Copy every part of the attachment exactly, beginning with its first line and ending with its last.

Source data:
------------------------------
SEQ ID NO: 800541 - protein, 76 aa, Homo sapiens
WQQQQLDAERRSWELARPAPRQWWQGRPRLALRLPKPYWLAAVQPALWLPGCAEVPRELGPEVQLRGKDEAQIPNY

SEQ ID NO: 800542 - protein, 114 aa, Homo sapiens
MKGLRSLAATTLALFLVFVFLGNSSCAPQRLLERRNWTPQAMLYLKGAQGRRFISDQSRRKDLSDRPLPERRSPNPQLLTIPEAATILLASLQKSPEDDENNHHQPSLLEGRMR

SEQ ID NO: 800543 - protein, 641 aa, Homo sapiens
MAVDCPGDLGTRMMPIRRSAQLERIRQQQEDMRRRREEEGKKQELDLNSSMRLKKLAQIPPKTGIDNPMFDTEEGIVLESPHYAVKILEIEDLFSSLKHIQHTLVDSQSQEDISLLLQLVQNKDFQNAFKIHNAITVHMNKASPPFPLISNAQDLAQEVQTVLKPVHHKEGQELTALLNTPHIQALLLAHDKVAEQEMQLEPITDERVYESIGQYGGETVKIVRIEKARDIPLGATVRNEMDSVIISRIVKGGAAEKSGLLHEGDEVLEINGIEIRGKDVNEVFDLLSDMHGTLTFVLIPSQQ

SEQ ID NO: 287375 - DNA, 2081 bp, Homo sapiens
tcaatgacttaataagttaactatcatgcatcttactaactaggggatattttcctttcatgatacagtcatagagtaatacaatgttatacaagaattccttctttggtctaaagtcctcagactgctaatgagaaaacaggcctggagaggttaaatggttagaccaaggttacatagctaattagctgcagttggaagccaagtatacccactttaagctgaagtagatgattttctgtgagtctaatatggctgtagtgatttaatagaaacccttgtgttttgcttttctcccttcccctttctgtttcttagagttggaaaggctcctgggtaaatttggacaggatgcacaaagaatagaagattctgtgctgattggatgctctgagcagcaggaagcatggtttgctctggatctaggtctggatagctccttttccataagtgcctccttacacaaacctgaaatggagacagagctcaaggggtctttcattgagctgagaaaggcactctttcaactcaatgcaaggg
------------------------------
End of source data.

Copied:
SEQ ID NO: 800541 - protein, 76 aa, Homo sapiens
WQQQQLDAERRSWELARPAPRQWWQGRPRLALRLPKPYWLAAVQPALWLPGCAEVPRELGPEVQLRGKDEAQIPNY

SEQ ID NO: 800542 - protein, 114 aa, Homo sapiens
MKGLRSLAATTLALFLVFVFLGNSSCAPQRLLERRNWTPQAMLYLKGAQGRRFISDQSRRKDLSDRPLPERRSPNPQLLTIPEAATILLASLQKSPEDDENNHHQPSLLEGRMR

SEQ ID NO: 800543 - protein, 641 aa, Homo sapiens
MAVDCPGDLGTRMMPIRRSAQLERIRQQQEDMRRRREEEGKKQELDLNSSMRLKKLAQIPPKTGIDNPMFDTEEGIVLESPHYAVKILEIEDLFSSLKHIQHTLVDSQSQEDISLLLQLVQNKDFQNAFKIHNAITVHMNKASPPFPLISNAQDLAQEVQTVLKPVHHKEGQELTALLNTPHIQALLLAHDKVAEQEMQLEPITDERVYESIGQYGGETVKIVRIEKARDIPLGATVRNEMDSVIISRIVKGGAAEKSGLLHEGDEVLEINGIEIRGKDVNEVFDLLSDMHGTLTFVLIPSQQ

SEQ ID NO: 287375 - DNA, 2081 bp, Homo sapiens
tcaatgacttaataagttaactatcatgcatcttactaactaggggatattttcctttcatgatacagtcatagagtaatacaatgttatacaagaattccttctttggtctaaagtcctcagactgctaatgagaaaacaggcctggagaggttaaatggttagaccaaggttacatagctaattagctgcagttggaagccaagtatacccactttaagctgaagtagatgattttctgtgagtctaatatggctgtagtgatttaatagaaacccttgtgttttgcttttctcccttcccctttctgtttcttagagttggaaaggctcctgggtaaatttggacaggatgcacaaagaatagaagattctgtgctgattggatgctctgagcagcaggaagcatggtttgctctggatctaggtctggatagctccttttccataagtgcctccttacacaaacctgaaatggagacagagctcaaggggtctttcattgagctgagaaaggcactctttcaactcaatgcaaggg